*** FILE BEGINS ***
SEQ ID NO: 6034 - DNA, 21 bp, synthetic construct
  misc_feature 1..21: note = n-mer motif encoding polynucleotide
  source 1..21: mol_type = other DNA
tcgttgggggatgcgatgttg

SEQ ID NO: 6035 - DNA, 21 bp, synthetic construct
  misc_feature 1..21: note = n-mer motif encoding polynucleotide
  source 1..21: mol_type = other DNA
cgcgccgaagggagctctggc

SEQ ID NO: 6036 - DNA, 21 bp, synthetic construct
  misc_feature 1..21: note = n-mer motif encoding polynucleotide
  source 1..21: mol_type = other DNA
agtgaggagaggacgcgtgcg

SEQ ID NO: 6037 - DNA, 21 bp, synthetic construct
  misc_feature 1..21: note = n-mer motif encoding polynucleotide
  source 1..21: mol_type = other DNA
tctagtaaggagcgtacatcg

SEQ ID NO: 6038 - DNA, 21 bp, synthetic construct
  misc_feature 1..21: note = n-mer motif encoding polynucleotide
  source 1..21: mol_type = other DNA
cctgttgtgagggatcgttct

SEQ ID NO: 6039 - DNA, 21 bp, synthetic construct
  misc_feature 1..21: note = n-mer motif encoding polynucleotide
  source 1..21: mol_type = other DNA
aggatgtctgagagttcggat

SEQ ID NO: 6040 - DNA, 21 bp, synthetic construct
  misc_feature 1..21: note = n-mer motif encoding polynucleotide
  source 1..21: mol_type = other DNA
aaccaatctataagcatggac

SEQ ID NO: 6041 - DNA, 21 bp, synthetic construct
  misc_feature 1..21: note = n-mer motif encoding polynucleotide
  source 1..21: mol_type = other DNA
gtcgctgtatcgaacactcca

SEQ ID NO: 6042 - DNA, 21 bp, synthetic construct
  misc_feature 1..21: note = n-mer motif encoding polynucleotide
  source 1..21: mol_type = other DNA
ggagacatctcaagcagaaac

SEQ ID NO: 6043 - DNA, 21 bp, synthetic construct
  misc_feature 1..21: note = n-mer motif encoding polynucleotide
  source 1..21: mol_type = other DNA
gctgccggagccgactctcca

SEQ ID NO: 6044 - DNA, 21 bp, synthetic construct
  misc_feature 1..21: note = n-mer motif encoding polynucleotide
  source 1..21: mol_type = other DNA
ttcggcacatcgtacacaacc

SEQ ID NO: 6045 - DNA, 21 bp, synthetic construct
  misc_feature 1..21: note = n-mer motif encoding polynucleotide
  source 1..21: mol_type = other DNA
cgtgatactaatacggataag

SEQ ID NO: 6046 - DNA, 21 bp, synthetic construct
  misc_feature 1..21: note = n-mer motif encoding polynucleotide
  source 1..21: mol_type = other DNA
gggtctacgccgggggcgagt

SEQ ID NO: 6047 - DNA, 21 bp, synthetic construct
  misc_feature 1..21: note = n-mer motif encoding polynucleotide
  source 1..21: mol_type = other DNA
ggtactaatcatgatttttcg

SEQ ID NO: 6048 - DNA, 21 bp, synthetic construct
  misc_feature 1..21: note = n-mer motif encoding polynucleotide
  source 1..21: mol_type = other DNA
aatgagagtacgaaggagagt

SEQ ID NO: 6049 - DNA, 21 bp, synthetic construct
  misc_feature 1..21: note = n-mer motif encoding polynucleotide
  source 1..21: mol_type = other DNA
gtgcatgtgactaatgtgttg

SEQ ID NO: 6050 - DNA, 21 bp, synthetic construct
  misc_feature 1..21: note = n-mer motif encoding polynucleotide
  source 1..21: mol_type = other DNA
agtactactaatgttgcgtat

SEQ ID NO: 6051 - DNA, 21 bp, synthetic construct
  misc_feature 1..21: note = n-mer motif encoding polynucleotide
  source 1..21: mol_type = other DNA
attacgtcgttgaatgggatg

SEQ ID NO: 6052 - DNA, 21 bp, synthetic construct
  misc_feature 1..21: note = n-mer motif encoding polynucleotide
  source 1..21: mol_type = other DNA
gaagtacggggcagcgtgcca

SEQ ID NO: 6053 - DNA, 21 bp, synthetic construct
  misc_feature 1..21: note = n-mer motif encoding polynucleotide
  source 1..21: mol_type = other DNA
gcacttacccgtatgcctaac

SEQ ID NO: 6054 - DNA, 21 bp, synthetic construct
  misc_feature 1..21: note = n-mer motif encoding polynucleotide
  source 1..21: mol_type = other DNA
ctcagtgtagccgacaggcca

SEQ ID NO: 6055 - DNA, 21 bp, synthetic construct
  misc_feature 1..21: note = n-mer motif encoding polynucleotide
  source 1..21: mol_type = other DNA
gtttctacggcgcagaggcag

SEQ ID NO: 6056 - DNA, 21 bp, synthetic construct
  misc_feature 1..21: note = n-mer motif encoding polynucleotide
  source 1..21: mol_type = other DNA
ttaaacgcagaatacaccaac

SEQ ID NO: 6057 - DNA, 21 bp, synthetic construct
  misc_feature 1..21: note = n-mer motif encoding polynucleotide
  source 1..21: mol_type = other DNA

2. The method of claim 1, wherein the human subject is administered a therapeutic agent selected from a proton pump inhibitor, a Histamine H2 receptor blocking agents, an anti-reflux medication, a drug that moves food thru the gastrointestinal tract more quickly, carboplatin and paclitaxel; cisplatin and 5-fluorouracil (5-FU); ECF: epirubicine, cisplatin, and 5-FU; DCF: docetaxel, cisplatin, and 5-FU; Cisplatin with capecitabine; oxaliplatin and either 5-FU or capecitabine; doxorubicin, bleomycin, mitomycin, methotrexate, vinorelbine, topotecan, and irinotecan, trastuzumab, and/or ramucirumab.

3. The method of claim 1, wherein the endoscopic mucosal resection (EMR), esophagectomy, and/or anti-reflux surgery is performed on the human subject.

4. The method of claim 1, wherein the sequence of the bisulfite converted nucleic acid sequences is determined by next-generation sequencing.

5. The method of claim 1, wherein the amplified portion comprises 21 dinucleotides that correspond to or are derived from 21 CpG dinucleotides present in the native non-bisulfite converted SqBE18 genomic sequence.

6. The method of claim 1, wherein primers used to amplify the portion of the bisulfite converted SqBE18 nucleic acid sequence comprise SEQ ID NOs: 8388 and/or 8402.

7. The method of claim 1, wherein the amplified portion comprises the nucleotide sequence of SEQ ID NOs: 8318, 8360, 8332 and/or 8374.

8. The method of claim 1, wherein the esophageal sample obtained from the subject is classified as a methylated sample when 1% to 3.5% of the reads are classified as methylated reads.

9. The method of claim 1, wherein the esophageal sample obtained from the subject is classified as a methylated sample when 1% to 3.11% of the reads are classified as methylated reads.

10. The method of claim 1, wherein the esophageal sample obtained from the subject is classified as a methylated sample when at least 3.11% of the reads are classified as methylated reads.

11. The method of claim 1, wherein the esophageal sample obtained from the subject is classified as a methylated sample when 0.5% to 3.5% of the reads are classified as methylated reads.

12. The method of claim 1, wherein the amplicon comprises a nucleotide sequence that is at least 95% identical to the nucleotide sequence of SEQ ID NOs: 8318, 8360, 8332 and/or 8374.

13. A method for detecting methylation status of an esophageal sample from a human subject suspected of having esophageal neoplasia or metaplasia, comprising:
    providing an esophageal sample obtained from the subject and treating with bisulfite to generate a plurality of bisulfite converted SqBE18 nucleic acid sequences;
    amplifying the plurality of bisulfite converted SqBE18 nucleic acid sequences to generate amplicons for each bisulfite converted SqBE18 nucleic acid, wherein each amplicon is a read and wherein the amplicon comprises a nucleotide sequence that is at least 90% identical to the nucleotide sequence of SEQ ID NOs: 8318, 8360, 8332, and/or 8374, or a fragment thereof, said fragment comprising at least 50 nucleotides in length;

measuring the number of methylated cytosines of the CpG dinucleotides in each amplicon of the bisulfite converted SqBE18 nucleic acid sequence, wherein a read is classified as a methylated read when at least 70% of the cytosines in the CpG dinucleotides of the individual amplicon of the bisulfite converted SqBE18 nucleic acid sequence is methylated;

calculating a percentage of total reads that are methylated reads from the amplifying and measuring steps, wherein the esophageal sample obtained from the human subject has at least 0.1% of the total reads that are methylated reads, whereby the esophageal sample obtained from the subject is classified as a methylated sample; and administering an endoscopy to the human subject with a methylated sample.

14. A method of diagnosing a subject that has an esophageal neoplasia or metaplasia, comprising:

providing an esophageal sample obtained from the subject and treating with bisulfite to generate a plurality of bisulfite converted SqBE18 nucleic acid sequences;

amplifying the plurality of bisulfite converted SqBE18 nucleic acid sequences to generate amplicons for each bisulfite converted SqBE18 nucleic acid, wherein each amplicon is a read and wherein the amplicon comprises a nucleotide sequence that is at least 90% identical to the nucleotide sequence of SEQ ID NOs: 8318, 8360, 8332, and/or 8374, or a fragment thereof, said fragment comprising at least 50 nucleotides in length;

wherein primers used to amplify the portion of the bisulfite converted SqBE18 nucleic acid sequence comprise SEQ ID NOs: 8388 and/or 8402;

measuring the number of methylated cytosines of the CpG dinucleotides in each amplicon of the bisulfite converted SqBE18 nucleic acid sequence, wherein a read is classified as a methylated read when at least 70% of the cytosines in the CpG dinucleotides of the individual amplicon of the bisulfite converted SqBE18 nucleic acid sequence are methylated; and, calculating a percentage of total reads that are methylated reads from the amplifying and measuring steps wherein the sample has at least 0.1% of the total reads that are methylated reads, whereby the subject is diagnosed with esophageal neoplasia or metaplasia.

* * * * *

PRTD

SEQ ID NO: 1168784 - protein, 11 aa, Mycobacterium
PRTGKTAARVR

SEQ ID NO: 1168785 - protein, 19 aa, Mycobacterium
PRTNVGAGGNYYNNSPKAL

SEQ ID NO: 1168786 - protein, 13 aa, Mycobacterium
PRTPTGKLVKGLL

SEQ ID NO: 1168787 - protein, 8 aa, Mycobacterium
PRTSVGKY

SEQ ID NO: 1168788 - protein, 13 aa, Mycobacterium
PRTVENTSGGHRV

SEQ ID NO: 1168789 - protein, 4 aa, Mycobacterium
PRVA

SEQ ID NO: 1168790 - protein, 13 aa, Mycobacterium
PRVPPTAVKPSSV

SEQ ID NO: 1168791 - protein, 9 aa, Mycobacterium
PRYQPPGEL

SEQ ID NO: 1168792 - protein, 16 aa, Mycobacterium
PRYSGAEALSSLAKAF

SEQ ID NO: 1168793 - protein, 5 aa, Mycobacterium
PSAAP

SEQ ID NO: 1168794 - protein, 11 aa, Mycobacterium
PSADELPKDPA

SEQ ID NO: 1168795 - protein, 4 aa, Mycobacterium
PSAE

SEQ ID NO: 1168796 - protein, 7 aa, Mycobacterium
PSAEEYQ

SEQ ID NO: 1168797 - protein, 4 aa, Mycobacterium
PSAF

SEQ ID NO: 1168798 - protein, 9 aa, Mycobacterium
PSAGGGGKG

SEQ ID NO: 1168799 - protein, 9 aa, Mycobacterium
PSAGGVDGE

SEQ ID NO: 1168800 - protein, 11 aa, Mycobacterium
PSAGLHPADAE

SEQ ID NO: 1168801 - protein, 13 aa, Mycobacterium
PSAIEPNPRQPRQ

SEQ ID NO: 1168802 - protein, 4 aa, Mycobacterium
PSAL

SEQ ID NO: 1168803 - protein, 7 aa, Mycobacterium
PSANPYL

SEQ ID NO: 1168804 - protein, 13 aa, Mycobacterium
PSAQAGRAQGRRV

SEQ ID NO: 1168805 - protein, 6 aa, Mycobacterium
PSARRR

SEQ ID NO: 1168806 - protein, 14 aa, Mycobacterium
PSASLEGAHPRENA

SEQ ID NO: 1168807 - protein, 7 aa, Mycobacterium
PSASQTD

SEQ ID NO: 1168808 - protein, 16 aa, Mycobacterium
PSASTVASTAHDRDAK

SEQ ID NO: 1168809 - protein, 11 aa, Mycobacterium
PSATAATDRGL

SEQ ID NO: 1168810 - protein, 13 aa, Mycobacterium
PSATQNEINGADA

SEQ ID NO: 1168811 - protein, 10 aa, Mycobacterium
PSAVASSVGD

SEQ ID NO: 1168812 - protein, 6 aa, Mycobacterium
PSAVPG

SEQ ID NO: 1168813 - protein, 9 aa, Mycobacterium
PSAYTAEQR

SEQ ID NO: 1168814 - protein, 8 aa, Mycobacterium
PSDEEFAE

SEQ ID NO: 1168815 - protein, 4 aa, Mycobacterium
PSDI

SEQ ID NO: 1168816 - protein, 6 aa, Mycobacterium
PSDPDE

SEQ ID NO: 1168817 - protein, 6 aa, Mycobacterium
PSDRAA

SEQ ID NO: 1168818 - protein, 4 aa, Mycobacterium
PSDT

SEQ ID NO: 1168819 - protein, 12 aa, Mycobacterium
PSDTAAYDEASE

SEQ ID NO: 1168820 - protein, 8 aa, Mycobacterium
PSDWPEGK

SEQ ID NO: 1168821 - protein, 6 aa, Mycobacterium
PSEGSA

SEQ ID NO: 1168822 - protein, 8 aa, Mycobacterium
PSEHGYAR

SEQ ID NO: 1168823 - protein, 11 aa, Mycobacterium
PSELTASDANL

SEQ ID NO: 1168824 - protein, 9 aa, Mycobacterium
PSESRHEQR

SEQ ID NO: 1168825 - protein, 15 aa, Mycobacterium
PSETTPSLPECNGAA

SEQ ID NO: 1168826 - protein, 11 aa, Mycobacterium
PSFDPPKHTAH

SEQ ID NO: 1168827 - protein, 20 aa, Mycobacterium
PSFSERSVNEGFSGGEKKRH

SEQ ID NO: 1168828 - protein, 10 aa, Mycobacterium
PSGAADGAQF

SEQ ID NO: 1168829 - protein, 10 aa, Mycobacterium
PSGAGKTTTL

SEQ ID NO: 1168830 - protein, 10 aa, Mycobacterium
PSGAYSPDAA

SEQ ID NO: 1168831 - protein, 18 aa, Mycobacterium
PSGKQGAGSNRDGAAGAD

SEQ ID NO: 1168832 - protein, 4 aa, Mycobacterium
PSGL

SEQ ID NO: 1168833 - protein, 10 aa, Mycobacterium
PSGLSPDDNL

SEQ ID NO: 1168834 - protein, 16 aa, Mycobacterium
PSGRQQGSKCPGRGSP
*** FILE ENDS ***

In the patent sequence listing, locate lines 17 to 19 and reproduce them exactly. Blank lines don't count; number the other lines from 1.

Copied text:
SEQ ID NO: 6038 - DNA, 21 bp, synthetic construct
  misc_feature 1..21: note = n-mer motif encoding polynucleotide
  source 1..21: mol_type = other DNA